Science tests for 11-year-olds to be scrapped
Corduroys would prefer no tests or league tables at all
The government has agreed to scrap national science tests for 11-year-olds. However, teaching unions still plan a boycott of the remaining tests in English and Maths, saying that these make primary school teaching "narrow". The teachers also object to the revelation of schools' test results in public league tables.
The BBC reports that ministers have agreed to the recommendations of a new expert assessment to be published on Thursday, saying that English and Maths testing should continue but that Science exams should be phased out in favour of assessment by teachers. There would, however, be some random national tests as a check on quality.
Mick Brookes, speaking for teaching unions the National Association of Head Teachers (NAHT) and the National Union of Teachers (NUT), said that the plans did not go far enough and that all the test subjects should be dropped. This would naturally render school "league tables", which rank schools by the exam results they achieve, irrelevant. Teachers have long been opposed to the publication of the tables, saying that they are unfair as they take no account of external factors beyond the control of teachers, such as the presence of deprived neighbourhoods etc.
Brookes, however, said that the primary objection to the tests was that it meant teachers had to "teach to the test", which meant in practice they taught little else but reading, writing, science and 'rithmetic towards the end of primary school. He suggested that removing science but leaving maths and English would simply mean teachers spending all their time on the "three Rs".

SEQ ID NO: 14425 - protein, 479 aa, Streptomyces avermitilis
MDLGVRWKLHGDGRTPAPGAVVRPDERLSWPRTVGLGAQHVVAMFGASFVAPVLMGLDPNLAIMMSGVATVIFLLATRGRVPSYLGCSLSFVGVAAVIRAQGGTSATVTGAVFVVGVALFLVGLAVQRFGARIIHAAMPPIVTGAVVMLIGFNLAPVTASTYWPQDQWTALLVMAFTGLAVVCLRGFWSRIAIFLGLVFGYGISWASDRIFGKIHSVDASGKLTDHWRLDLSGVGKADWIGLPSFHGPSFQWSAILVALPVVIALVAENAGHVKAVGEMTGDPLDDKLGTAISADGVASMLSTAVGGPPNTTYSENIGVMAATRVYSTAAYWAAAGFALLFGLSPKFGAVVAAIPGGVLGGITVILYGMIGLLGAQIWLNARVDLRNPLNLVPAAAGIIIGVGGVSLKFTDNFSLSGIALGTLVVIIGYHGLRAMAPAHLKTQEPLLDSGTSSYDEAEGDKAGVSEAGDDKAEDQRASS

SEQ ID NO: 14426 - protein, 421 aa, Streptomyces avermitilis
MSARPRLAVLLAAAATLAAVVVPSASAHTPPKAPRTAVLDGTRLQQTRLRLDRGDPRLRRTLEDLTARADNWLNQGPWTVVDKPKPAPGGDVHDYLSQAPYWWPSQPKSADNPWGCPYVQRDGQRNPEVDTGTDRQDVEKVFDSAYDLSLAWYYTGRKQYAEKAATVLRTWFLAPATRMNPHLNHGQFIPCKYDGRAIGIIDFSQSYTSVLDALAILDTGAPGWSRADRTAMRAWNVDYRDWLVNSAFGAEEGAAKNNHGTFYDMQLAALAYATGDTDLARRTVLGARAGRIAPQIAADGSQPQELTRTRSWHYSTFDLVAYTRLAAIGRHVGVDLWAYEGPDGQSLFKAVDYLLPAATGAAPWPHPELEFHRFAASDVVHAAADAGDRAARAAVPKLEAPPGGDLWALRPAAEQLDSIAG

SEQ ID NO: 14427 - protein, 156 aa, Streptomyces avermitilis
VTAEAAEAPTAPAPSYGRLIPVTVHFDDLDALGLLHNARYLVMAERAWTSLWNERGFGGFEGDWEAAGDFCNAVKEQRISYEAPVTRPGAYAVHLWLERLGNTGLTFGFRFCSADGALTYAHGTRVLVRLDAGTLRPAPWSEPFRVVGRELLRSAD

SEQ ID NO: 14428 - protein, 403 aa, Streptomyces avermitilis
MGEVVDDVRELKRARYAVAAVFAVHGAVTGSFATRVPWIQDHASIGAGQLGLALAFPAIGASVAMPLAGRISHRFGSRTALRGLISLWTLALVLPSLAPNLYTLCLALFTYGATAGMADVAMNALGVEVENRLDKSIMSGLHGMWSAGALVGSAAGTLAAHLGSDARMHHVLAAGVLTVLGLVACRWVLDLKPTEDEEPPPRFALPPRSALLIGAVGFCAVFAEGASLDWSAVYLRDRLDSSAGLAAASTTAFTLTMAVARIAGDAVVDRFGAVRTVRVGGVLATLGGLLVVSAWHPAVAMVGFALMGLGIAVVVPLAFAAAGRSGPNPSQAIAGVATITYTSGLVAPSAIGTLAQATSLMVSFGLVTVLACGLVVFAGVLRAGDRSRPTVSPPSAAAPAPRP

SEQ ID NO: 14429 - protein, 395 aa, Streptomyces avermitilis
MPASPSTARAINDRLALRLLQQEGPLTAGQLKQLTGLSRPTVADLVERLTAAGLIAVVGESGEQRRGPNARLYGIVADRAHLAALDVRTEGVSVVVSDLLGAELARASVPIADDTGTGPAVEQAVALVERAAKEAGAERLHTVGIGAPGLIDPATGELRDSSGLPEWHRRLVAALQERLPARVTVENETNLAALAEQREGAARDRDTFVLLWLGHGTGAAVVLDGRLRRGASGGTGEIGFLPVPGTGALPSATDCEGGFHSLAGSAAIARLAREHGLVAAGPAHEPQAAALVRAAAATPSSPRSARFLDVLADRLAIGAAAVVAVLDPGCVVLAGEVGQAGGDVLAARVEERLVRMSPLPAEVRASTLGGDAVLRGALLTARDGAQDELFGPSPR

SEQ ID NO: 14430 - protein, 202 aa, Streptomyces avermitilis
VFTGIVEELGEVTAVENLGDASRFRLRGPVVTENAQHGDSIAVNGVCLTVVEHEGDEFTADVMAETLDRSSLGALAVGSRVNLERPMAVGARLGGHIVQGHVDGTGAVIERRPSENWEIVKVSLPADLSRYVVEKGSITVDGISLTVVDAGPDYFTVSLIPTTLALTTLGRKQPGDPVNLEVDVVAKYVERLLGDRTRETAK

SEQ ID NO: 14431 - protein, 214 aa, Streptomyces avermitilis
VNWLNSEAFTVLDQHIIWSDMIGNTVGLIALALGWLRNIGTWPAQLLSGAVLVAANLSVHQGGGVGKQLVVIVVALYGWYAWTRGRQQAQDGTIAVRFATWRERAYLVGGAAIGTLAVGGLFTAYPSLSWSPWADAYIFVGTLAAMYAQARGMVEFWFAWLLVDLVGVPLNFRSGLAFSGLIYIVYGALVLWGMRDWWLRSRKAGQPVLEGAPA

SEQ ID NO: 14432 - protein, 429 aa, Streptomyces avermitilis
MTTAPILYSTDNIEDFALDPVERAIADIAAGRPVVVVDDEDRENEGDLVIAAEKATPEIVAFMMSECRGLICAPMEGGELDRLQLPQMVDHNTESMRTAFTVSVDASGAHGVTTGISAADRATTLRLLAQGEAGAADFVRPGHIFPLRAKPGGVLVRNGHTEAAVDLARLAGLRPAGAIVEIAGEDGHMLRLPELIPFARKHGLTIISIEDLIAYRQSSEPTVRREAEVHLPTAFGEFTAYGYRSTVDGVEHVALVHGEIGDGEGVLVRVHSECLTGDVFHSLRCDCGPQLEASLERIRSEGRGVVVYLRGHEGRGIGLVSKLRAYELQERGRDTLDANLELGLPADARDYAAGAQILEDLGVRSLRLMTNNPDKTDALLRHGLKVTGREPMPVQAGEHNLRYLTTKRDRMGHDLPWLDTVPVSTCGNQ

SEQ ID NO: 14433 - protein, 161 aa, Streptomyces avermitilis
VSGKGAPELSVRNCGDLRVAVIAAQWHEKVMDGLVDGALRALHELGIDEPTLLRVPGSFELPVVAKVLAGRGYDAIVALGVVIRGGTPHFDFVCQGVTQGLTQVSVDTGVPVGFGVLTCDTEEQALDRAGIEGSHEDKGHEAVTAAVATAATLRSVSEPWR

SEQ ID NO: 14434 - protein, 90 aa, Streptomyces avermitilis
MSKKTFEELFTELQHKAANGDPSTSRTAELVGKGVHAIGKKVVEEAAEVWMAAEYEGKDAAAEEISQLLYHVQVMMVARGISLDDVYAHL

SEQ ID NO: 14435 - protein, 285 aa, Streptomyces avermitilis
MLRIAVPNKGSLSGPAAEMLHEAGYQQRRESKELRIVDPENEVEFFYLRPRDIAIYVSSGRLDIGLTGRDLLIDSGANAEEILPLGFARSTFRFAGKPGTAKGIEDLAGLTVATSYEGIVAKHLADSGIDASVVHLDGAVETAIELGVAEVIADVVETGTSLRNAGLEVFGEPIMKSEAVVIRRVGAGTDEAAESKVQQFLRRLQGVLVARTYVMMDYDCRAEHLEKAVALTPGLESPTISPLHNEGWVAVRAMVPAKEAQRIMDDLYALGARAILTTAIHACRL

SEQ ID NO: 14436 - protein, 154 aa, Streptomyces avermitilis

"Clearly if you take out the bits being tested, you are going to narrow the curriculum even more," he told  the Beeb.
Brookes said that NUT and NAHT plans to ballot members on a boycott of all exams this year would go ahead. For its part, the government warned teachers that they would be breaking the law if they chose not to administer the tests.
It's also expected that this week's expert report will recommend the grading of schools by pupil behaviour and wellbeing, as well as by exam results, in a system of "report cards". It isn't clear whether ministers plan to present this information to the public alongside league tables.
An earlier report, the Rose report, recommended replacement of science for 11-year-olds with an emphasis on information communication technology (ICT).
The Tories said they were in favour of tests in principle, but would consider any government plans carefully. The Lib Dems said they would scrap the science tests and perhaps use more teacher self-assessment in English too, but keep Maths testing. ®